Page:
SmoothSpan Blog

For Executives, Entrepreneurs, and other Digerati who need to know about SaaS and Web 2.0.

Fred: Comments Aren’t As Important as Blog Posts on Techmeme

Posted by Bob Warfield on July 28, 2008

VC Fred Wilson frets that Techmeme is a conversation that’s one sided because it doesn’t treat comments as highly as blog posts.  He is unhappy that Scoble’s post decrying Silicon Valley VC disease got onto to Techmeme but David Hornik’s reply did not.

Even if Hornik’s reply was as good or better than Scoble’s post (it wasn’t), I have a couple of problems with this.  First, its a reply.  Whatever interest or excitement it has fundamentally comes from responding to the blog post in the first place.  Techmeme and others are justified in focusing on the start of the conversation.  The blog post stands without the comments, but 90% of the comments cannot stand on their own without the blog post. 

Second, the purpose of Techmeme et al is to identify interesting conversations, not to microanalyze them down to which comment was the best.  What possible basis can they have for determining which comment is best at present anyway?  Are we going to measure impressions?  Do we care that the comments at top will automatically get more impressions than the ones at the bottom?  Are we going to vote?  At Helpstream, we let people indicate which response to a community question is the “best answer”, but no such facility exists in the blog comments I’m familiar with.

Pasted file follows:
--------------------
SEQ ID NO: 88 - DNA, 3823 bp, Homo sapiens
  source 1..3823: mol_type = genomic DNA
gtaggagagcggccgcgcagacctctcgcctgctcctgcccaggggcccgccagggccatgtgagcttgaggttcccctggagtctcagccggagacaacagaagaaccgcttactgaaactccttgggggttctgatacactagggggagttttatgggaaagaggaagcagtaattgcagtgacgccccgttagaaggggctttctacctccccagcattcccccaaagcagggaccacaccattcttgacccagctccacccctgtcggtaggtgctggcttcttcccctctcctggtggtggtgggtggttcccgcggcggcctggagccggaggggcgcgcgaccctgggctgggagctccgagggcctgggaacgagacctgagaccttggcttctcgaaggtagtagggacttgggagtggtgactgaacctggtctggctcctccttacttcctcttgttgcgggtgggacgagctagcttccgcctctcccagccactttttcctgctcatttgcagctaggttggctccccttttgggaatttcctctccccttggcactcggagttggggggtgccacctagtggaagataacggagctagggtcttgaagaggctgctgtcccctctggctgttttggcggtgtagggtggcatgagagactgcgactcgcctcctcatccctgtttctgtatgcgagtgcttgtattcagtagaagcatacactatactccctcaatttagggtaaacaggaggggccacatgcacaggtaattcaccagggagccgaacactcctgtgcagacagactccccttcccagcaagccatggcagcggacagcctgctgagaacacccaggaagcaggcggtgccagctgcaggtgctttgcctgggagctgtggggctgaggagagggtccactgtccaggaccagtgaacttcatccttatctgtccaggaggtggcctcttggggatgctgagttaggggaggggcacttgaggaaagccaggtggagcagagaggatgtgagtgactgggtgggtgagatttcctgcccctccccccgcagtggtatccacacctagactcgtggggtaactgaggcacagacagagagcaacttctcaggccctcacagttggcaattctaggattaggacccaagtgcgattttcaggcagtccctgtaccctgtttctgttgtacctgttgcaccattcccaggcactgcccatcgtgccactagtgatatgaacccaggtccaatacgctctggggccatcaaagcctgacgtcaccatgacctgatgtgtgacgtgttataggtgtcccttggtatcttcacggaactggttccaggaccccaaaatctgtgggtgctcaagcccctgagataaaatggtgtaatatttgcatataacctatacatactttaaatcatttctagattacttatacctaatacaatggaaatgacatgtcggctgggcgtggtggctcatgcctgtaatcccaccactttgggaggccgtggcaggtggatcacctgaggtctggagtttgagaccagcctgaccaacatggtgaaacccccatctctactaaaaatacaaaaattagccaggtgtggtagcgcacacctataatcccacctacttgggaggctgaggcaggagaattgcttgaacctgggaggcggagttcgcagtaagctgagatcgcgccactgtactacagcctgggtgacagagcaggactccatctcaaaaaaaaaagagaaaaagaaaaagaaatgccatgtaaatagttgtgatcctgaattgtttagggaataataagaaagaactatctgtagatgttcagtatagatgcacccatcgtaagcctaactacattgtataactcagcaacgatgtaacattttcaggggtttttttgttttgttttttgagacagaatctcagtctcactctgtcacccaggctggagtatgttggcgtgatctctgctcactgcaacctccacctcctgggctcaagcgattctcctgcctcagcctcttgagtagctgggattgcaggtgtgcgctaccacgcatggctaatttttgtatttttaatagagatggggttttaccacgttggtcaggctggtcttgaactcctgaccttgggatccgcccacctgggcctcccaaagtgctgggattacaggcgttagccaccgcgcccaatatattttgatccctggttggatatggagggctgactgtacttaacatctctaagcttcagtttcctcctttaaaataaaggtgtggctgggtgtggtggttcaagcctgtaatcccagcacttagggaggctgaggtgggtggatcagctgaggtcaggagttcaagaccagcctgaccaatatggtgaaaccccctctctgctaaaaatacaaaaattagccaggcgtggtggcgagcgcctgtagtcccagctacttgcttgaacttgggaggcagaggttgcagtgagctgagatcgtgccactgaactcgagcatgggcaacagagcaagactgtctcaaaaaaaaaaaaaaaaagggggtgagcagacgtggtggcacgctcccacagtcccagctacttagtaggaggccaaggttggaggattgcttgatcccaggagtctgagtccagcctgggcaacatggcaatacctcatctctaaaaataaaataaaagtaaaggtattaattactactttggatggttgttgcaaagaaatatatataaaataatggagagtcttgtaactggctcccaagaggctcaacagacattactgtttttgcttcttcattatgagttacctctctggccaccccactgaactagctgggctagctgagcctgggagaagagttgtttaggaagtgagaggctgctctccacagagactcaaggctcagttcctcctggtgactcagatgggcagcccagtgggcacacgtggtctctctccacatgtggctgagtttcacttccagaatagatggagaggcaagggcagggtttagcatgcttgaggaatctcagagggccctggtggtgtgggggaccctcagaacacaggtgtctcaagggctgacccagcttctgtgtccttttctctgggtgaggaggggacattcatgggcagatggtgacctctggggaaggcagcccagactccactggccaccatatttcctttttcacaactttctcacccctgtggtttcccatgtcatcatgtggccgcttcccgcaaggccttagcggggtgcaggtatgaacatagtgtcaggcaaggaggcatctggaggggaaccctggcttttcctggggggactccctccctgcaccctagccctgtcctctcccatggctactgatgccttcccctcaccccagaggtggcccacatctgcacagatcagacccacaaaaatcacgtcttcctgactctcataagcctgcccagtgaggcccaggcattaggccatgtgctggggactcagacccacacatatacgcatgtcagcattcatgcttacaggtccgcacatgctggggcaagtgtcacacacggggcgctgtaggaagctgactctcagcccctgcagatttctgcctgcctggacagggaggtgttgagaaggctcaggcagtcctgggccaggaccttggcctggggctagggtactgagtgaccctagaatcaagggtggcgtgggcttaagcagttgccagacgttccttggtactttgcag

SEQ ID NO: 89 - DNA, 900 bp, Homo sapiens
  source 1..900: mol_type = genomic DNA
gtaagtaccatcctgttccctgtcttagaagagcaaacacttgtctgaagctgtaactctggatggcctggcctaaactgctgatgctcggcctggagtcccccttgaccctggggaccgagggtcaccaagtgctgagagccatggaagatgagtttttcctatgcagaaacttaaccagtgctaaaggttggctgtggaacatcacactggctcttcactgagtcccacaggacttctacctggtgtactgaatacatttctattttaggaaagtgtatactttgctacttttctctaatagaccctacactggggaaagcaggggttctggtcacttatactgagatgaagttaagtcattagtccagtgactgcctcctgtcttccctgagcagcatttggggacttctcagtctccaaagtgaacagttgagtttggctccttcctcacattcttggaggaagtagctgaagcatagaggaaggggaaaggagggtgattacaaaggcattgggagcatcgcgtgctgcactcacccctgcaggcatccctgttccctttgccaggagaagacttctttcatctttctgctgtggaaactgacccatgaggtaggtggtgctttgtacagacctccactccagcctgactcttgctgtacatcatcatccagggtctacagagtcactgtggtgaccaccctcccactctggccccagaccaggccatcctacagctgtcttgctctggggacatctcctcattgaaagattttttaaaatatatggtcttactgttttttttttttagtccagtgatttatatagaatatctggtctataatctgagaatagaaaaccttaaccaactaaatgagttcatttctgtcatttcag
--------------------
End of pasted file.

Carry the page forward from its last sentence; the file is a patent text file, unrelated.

Fred’s been at this business of comments being more important or as important as the blog post for a while.  I read the comments.  There are often good ones.  Most of the time they are not as good as the blog post itself though, and this is not unexpected.

2 Responses to “Fred: Comments Aren’t As Important as Blog Posts on Techmeme”

  1. Techmeme is tuned to find interesting, smart, and influential tech conversations, right? If a comment plays a large role (i.e. Hornik’s comment) in continuing or creating a conversation why shouldn’t it be included on Techmeme. You built this whole post around a conversation supply chain that included Hornik’s comment as the main ingredient.

    You ask, “What possible basis can they have for determining which comment is best at present…”? Doesn’t that question apply to anything that appears on Techmeme?

  2. smoothspan said

    Andrew, welcome!

    Techmeme is tuned to find conversations, not conversation fragments, which is what I view comments as. This post is built around Fred Wilson’s post, and Hornik’s comment is a side show. I specifically wrote it as a post and not as a comment to either Fred’s post or Scoble’s original post for that reason.

    When I ask for the basis, I am referring to some automated means of determining which comments should be included. In other words, the practical matter of identifying what comments merit being directrly cited. As I mention, impressions are not going to be indicative. Links? Not all comments can be linked directly to in all blog platforms.

    What is it we’re missing out on by not targeting comments? You still get the conversation itself identified. I suppose there is the potential of a blog post that is itself uninteresting but that contains a comment worthy of Techmeme. Do you think that is a common case? I can’t ever remember seeing such a thing, but I’d love to see some examples if someone could offer them.



Leave a Reply

%d bloggers like this: